So it’s been a while since your coeliac disease diagnosis. You’ve been sticking rigidly to your gluten-free diet and your symptoms are resolving. You’re starting to feel better. And no doubt, like the rest of us, you assume that your strict dietary adherence will turn your health around. You expect that your nutritional status will improve and that the existing damage to your intestine will heal. You hope that your gluten-free diet will prevent further intestinal damage and that ultimately this sacrifice will ward off the long-term complications of coeliac disease. But are you actually getting better? Are you healing?
Coeliac disease is an inflammatory autoimmune disease of the small intestine triggered by the ingestion of gluten in genetically susceptible individuals. The symptoms of coeliac disease vary greatly from gastrointestinal issues to neurological symptoms and conditions of malabsorption and malnutrition. Currently, the only effective treatment for coeliac disease is lifelong banishment of gluten from the diet. But is that enough?
Research suggests that despite strict dietary compliance, complete healing of intestinal lesions caused by coeliac disease is rarely achieved. For most people, a variable degree of inflammation persists in their small intestine.
Research in Italy (1) found that only 8% of coeliacs diagnosed as adults completely recover or reach ‘histological normality’ after 16 months on a gluten-free diet. While 73% of the coeliacs studied during this research (1) did respond positively to a gluten-free diet, the vast majority (65%) only achieved remission ‘with persistent epithelial lymphocytosis’. This means that while the structure of the villi recovered, the coeliacs still had inflammation within the intestinal mucosa. The underlying damage to their intestine hadn’t completely healed. Persistent inflammation of the intestinal mucosa is associated with an increased risk of severe complications in coeliac disease patients, even in the absence of symptoms (2).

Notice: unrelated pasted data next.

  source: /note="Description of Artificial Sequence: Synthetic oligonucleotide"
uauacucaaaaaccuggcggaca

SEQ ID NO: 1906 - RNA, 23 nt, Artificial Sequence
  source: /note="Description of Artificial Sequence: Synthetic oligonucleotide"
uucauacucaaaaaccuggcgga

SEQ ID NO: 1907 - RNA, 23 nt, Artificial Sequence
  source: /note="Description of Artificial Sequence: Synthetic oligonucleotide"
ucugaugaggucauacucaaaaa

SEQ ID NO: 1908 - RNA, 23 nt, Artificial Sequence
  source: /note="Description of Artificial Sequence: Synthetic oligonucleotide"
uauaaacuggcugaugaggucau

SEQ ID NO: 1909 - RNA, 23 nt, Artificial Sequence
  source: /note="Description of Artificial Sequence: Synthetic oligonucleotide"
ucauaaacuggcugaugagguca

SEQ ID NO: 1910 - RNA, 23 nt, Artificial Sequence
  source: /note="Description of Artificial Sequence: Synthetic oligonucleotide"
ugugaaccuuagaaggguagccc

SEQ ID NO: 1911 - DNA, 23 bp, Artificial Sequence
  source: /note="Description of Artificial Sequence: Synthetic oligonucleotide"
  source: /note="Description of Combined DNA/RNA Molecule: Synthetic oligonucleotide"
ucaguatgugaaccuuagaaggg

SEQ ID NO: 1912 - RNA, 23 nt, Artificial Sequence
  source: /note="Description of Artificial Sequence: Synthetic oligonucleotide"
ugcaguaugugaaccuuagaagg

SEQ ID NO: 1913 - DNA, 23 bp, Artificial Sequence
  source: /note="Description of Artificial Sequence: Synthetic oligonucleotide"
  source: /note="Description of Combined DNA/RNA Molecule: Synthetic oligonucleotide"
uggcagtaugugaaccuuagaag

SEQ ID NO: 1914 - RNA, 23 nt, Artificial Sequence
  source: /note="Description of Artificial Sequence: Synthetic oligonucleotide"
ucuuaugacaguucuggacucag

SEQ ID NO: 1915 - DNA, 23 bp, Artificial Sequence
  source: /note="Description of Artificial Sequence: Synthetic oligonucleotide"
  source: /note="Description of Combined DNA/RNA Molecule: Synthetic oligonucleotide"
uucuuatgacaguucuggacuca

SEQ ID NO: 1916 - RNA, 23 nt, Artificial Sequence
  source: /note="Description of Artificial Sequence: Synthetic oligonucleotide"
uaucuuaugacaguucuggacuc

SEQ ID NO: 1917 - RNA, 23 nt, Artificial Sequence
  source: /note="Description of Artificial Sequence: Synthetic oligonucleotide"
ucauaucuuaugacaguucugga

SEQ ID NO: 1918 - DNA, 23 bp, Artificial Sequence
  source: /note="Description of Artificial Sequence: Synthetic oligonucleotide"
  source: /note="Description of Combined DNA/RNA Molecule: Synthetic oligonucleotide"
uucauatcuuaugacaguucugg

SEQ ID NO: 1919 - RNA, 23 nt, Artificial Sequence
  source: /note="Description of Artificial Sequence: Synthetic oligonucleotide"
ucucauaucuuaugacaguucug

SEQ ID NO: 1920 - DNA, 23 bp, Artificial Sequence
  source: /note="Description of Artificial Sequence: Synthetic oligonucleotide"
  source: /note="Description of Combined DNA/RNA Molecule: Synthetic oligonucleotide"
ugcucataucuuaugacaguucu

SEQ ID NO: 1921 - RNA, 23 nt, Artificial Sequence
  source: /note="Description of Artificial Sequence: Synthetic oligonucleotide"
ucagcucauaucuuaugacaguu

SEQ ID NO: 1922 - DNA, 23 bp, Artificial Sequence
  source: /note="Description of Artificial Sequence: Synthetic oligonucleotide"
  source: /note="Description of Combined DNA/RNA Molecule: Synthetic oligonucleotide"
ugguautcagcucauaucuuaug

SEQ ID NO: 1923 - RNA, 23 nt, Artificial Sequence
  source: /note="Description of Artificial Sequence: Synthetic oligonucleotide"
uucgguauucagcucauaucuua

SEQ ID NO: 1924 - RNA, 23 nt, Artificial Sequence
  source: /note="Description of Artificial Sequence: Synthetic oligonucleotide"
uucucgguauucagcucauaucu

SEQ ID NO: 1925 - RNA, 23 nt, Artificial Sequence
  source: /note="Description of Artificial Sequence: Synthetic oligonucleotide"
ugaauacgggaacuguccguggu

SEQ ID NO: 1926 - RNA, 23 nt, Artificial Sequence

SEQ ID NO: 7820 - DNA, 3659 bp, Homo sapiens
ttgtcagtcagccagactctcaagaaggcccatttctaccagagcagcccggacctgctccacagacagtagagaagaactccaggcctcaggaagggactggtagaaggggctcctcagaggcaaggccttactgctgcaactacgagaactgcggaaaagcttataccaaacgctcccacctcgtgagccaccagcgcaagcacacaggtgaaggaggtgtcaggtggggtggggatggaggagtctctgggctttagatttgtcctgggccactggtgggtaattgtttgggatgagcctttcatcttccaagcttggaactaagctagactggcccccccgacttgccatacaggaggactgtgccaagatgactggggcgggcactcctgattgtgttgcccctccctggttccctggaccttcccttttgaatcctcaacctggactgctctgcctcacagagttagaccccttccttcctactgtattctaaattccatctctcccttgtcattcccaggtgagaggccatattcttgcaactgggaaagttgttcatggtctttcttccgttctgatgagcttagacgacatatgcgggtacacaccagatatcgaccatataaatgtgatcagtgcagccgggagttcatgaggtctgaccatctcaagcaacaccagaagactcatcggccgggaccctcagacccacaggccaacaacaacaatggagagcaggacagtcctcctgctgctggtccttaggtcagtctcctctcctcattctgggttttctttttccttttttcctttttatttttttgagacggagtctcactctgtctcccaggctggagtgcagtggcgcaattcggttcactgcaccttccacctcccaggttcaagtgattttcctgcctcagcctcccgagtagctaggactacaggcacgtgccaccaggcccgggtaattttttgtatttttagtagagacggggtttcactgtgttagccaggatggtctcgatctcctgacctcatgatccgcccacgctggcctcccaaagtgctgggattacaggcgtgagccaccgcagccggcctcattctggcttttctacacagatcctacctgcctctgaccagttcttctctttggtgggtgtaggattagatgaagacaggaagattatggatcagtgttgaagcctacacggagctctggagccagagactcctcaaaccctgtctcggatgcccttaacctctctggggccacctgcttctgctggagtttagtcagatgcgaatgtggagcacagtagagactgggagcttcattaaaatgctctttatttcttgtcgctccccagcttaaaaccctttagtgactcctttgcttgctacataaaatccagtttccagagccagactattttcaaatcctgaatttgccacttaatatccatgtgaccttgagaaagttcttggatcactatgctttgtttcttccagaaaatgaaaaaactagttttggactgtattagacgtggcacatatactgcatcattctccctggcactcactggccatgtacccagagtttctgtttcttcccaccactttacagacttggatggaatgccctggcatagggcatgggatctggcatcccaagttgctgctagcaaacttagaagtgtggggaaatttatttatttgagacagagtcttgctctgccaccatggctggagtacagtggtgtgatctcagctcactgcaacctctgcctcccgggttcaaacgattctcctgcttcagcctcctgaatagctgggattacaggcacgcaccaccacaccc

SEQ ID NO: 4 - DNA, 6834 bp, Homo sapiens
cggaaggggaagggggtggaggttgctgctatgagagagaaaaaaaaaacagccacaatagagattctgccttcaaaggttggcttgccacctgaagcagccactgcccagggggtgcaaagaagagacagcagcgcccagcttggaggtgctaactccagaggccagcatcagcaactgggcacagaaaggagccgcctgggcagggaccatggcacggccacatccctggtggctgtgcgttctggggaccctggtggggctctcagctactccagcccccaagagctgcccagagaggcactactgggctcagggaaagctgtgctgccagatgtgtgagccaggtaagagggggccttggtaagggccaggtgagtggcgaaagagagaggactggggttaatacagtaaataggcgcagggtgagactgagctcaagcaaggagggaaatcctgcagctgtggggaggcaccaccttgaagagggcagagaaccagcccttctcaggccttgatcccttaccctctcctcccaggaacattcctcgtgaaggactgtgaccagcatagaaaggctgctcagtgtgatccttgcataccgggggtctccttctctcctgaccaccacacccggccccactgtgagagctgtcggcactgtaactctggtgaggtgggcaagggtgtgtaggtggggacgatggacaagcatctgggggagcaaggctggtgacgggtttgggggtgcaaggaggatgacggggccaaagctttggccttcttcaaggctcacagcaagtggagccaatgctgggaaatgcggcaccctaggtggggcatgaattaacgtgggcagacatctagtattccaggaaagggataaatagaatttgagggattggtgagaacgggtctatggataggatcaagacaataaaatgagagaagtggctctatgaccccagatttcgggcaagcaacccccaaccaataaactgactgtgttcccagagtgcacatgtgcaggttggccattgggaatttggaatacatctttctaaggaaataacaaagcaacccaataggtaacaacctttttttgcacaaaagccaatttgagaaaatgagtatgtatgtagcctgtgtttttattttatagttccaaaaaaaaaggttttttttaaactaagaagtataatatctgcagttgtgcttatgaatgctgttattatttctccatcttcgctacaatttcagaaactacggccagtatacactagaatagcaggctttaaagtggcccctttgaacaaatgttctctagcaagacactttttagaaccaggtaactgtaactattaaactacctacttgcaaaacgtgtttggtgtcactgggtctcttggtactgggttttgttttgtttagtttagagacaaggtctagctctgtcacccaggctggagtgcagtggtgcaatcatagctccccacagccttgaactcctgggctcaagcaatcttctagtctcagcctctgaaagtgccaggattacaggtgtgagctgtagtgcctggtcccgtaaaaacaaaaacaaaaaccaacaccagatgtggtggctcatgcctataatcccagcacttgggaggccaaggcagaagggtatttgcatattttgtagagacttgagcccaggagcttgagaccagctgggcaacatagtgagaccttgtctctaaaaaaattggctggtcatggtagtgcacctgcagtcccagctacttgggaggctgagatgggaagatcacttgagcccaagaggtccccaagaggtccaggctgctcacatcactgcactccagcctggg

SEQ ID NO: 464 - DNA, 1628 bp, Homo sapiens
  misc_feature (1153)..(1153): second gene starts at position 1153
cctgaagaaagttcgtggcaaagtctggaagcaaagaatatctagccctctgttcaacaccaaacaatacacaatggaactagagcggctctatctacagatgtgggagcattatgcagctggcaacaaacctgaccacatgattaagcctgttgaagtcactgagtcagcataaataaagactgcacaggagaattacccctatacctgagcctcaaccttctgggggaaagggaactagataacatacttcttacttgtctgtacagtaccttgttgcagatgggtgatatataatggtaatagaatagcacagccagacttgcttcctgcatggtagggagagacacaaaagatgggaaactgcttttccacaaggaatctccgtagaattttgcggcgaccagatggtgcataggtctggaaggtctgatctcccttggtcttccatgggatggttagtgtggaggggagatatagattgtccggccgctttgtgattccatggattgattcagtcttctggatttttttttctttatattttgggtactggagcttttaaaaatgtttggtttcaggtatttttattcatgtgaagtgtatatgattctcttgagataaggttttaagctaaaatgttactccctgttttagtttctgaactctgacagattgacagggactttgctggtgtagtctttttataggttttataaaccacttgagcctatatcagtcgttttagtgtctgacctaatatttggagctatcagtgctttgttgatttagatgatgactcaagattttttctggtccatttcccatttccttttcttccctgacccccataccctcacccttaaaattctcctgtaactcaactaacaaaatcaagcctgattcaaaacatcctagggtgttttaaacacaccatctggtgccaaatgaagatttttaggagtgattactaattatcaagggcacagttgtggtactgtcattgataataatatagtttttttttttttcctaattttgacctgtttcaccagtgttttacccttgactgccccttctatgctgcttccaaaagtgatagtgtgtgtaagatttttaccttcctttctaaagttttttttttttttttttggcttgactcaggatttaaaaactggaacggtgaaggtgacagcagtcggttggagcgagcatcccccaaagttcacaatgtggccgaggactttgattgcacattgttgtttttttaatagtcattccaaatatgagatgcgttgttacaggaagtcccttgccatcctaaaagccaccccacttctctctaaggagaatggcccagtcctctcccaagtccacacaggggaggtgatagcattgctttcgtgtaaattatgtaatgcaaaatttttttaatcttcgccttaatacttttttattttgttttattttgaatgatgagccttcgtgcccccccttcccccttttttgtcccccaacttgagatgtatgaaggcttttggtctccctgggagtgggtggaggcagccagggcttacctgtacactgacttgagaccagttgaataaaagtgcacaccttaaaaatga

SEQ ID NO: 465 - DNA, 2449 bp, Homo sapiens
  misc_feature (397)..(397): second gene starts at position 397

So is there any point continuing with your strict gluten-free diet? Absolutely there is. The removal of gluten from your diet is critical to the treatment of coeliac disease in that it helps alleviate symptoms and normalise antibodies (3,4). However, a gluten-free diet is only the first step in your healing.
How do you know whether or not you are one of the rare cases that has healed completely? A follow-up intestinal biopsy is required. Blood tests normalise after the elimination of dietary gluten (5) and are useful in monitoring how well you are sticking to your gluten-free diet but they give no indication as to whether or not your intestinal damage is healing.
In the absence of a follow-up biopsy, you should assume that you do indeed have ongoing intestinal inflammation. And having made that assumption, you need to look beyond your gluten-free regime and make further changes to your diet and lifestyle to mitigate the health risks associated with inflammation.
Next time we’ll look at possible reasons why there is ongoing inflammation in your intestinal mucosa. Stay tuned!
- Lanzini, A., Lanzarotto, F., Villanacci, V., Mora, A., Bertolazzi, S., Turini, D., Carella, G., Malagoli, A., Ferrantes, G., Cesana, B.M., Ricci, C. (2009) Complete recovery of intestinal mucosa occurs very rarely in adult coeliac patients despite adherence to gluten-free diet, Alimentary Pharmacology and Therapeutics, 29: 1299-1308.
- Kaukinen, K., Peräaho, M., Lindfors, K., Partanen, J., Woolley, N., Pikkarainen, P., Karvonen, A. L., Laasanen, T., Sievänen, H., Mäki, M., Collin, P. (2007) Persistent small bowel mucosal villous atrophy without symptoms in coeliac disease, Alimentary Pharmacology and Therapeutics, 25: 1237-1245.
- Rostom, A., Murray, J.A., Kagnoff, M.F. (2006) American Gastroenterological Association (AGA) Institute technical review on the diagnosis and management of celiac disease, Gastroenterology, 131: 1981-2002.
- Haines, M.L., Anderson, R.P., Gibson, P.R. (2008) Systematic review: the evidence base for long-term management of coeliac disease, Alimentary Pharmacology and Therapeutics, 28: 1042-1066.
- Rostom, A., Dube, C., Cranney, A., Saloojee, N., Sy R., Garritty, C., Sampson, M., Zhang, L., Yazdi, F., Mamaladze, V., Pan, I., MacNeil, J., Mack, D., Patel, D., Moher, D. (2005) The diagnostic accuracy of serologic tests for celiac disease: a systematic review, Gastroenterology, 128: S38-46.